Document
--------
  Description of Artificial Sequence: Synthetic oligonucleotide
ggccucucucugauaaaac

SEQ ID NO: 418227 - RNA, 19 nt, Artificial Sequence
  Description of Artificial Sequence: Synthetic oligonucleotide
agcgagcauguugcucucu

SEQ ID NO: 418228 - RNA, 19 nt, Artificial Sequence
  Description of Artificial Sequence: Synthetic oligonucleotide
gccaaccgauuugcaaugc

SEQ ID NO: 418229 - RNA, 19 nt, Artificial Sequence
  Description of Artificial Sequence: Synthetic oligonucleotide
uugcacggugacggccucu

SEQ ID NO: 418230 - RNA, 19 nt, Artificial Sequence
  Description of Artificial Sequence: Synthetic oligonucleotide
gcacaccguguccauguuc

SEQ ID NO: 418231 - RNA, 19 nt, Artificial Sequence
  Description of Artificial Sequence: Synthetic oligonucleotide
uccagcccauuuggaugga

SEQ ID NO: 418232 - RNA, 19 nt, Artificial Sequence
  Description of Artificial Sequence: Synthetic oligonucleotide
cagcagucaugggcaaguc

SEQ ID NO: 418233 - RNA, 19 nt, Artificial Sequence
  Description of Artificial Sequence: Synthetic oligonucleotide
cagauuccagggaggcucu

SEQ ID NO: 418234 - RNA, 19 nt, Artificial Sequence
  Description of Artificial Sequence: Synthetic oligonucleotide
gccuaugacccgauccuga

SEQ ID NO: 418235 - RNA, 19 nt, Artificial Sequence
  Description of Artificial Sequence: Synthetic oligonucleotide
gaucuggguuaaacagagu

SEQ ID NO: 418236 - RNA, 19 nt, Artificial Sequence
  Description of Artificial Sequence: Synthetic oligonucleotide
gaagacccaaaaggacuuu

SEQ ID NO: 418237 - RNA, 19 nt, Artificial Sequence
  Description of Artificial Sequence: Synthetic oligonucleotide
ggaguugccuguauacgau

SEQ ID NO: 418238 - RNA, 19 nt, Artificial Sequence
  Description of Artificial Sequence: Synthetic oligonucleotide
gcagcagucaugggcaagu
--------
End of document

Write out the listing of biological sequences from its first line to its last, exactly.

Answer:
  Description of Artificial Sequence: Synthetic oligonucleotide
ggccucucucugauaaaac

SEQ ID NO: 418227 - RNA, 19 nt, Artificial Sequence
  Description of Artificial Sequence: Synthetic oligonucleotide
agcgagcauguugcucucu

SEQ ID NO: 418228 - RNA, 19 nt, Artificial Sequence
  Description of Artificial Sequence: Synthetic oligonucleotide
gccaaccgauuugcaaugc

SEQ ID NO: 418229 - RNA, 19 nt, Artificial Sequence
  Description of Artificial Sequence: Synthetic oligonucleotide
uugcacggugacggccucu

SEQ ID NO: 418230 - RNA, 19 nt, Artificial Sequence
  Description of Artificial Sequence: Synthetic oligonucleotide
gcacaccguguccauguuc

SEQ ID NO: 418231 - RNA, 19 nt, Artificial Sequence
  Description of Artificial Sequence: Synthetic oligonucleotide
uccagcccauuuggaugga

SEQ ID NO: 418232 - RNA, 19 nt, Artificial Sequence
  Description of Artificial Sequence: Synthetic oligonucleotide
cagcagucaugggcaaguc

SEQ ID NO: 418233 - RNA, 19 nt, Artificial Sequence
  Description of Artificial Sequence: Synthetic oligonucleotide
cagauuccagggaggcucu

SEQ ID NO: 418234 - RNA, 19 nt, Artificial Sequence
  Description of Artificial Sequence: Synthetic oligonucleotide
gccuaugacccgauccuga

SEQ ID NO: 418235 - RNA, 19 nt, Artificial Sequence
  Description of Artificial Sequence: Synthetic oligonucleotide
gaucuggguuaaacagagu

SEQ ID NO: 418236 - RNA, 19 nt, Artificial Sequence
  Description of Artificial Sequence: Synthetic oligonucleotide
gaagacccaaaaggacuuu

SEQ ID NO: 418237 - RNA, 19 nt, Artificial Sequence
  Description of Artificial Sequence: Synthetic oligonucleotide
ggaguugccuguauacgau

SEQ ID NO: 418238 - RNA, 19 nt, Artificial Sequence
  Description of Artificial Sequence: Synthetic oligonucleotide
gcagcagucaugggcaagu